Disclosure: Received salary from Medscape for employment. for: Medscape.

Shlomo Raz, MD Professor, Department of Surgery, Division of Urology, University of California, Los Angeles, David Geffen School of Medicine

Shlomo Raz, MD is a member of the following medical societies: American College of Surgeons, American Medical Association, American Urological Association, California Medical Association

Disclosure: Nothing to disclose.

Chief Editor

Bradley Fields Schwartz, DO, FACS Professor of Urology, Director, Center for Laparoscopy and Endourology, Department of Surgery, Southern Illinois University School of Medicine

Bradley Fields Schwartz, DO, FACS is a member of the following medical societies: American College of Surgeons, Society of Laparoendoscopic Surgeons, Society of University Urologists, Association of Military Osteopathic Physicians and Surgeons, American Urological Association, Endourological Society

Disclosure: Nothing to disclose.

Additional Contributors

Allen Donald Seftel, MD Professor of Urology, University of Medicine and Dentistry of New Jersey-Robert Wood Johnson Medical School; Head, Division of Urology, Director, Urology Residency Training Program, Cooper University Hospital

Allen Donald Seftel, MD is a member of the following medical societies: American Urological Association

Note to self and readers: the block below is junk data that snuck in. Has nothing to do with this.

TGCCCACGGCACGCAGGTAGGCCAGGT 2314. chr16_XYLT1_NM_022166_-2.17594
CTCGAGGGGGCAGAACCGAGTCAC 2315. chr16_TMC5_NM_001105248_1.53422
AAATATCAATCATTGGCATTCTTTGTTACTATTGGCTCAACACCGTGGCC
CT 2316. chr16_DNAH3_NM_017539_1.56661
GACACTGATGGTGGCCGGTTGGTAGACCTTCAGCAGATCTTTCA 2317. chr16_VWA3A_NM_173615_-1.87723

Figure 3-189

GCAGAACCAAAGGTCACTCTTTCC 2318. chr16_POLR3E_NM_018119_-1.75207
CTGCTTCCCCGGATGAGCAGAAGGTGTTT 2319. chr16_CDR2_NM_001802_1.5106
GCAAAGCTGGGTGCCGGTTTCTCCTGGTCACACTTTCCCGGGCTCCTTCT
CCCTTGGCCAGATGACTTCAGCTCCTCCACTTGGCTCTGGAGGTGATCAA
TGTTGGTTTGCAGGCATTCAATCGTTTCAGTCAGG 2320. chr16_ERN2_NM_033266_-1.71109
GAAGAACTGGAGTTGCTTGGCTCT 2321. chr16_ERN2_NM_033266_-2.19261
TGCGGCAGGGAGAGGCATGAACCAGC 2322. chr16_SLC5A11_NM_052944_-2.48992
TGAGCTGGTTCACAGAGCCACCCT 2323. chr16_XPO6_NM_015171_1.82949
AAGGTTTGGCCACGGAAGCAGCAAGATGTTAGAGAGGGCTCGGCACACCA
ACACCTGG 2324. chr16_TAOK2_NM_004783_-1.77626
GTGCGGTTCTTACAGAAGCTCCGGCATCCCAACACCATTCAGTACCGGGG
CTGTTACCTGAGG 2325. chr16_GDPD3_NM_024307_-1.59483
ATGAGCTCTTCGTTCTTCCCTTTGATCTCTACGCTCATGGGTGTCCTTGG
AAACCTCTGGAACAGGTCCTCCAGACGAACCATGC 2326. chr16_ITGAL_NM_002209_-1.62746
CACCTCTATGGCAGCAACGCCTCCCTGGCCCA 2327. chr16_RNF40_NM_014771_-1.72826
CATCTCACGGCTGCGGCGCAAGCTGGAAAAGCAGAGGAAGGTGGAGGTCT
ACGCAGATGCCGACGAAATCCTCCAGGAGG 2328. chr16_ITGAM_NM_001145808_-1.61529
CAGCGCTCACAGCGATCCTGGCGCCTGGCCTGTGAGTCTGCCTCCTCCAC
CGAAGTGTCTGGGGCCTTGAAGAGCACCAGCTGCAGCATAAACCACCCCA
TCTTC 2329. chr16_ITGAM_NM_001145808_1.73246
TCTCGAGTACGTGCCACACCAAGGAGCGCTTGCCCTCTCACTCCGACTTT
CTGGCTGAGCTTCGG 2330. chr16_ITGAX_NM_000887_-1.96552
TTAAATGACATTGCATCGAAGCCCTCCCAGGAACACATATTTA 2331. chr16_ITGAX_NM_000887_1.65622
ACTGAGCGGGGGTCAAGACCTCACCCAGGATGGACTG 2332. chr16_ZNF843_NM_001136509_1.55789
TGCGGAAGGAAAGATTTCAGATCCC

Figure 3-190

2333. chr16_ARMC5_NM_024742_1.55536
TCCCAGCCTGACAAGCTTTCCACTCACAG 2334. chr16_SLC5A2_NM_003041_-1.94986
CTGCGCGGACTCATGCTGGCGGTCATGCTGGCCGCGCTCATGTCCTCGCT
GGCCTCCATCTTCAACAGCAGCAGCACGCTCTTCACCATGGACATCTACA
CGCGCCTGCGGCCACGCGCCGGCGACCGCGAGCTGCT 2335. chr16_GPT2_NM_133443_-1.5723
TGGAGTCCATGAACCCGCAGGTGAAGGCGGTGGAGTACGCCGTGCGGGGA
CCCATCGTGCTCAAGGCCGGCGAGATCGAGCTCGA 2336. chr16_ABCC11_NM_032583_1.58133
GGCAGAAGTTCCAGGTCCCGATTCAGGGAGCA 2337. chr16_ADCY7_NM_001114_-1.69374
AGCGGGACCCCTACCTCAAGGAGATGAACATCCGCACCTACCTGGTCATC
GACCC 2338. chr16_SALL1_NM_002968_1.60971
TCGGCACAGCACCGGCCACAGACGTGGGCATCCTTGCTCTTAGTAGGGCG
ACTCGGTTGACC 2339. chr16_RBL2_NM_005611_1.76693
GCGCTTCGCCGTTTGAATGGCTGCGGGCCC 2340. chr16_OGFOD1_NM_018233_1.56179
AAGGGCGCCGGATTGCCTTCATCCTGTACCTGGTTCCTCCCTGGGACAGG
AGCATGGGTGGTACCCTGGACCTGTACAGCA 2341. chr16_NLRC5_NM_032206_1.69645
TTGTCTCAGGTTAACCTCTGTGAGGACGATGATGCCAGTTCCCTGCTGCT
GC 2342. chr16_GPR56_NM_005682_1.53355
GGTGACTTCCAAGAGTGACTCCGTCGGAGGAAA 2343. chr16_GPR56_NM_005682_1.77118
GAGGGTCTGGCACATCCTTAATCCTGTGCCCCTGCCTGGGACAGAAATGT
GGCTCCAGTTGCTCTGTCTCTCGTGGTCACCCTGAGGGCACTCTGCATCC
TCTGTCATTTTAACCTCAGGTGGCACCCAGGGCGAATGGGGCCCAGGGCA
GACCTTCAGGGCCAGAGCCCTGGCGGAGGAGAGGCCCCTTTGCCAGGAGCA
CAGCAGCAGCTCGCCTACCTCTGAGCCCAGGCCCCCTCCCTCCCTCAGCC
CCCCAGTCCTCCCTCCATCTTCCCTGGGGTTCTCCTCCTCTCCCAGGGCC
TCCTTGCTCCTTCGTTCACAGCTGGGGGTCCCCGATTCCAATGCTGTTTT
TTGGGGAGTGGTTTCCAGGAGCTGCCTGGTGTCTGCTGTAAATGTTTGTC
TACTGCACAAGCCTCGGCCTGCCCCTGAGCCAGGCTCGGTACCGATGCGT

Disclosure: Received consulting fee from lilly for consulting; Received consulting fee from abbott for consulting; Received consulting fee from auxilium for consulting; Received consulting fee from actient for consulting; Received honoraria from journal of urology for board membership; Received consulting fee from endo for consulting.

Jeffrey M Donohoe, MD, FAAP Assistant Professor of Pediatric Urology, Department of Surgery, Division of Urology, Children’s Medical Center, Medical College of Georgia

Jeffrey M Donohoe, MD, FAAP is a member of the following medical societies: American Academy of Pediatrics, American Urological Association

Disclosure: Nothing to disclose.

Jason O Burnette, MD Resident Physician, Department of Surgery, Section of Urology, Medical College of Georgia

Jason O Burnette, MD is a member of the following medical societies: American Society for Clinical Pharmacology and Therapeutics, American Urological Association

Disclosure: Nothing to disclose.


The authors and editors of Medscape Reference gratefully acknowledge the contributions of previous author, Jong M. Choe, MD, FACS, and previous coauthor Hye Kim, RPh, to the development and writing of this article.

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Illustration of paraphimosis. The foreskin is swollen and edematous. A constricting collar or band is present behind the glans penis.
Mild-to-moderate form of paraphimosis. The treatment involves manual reduction, puncture technique, or medical therapy.
Severe form of paraphimosis. The distal penis has begun the process of autoamputation.
This demonstrates the technique of manually reducing the paraphimotic foreskin.
The puncture method to relieve preputial edema resulting from paraphimosis. Using a needle, several punctures are made in the foreskin to relieve the trapped fluid.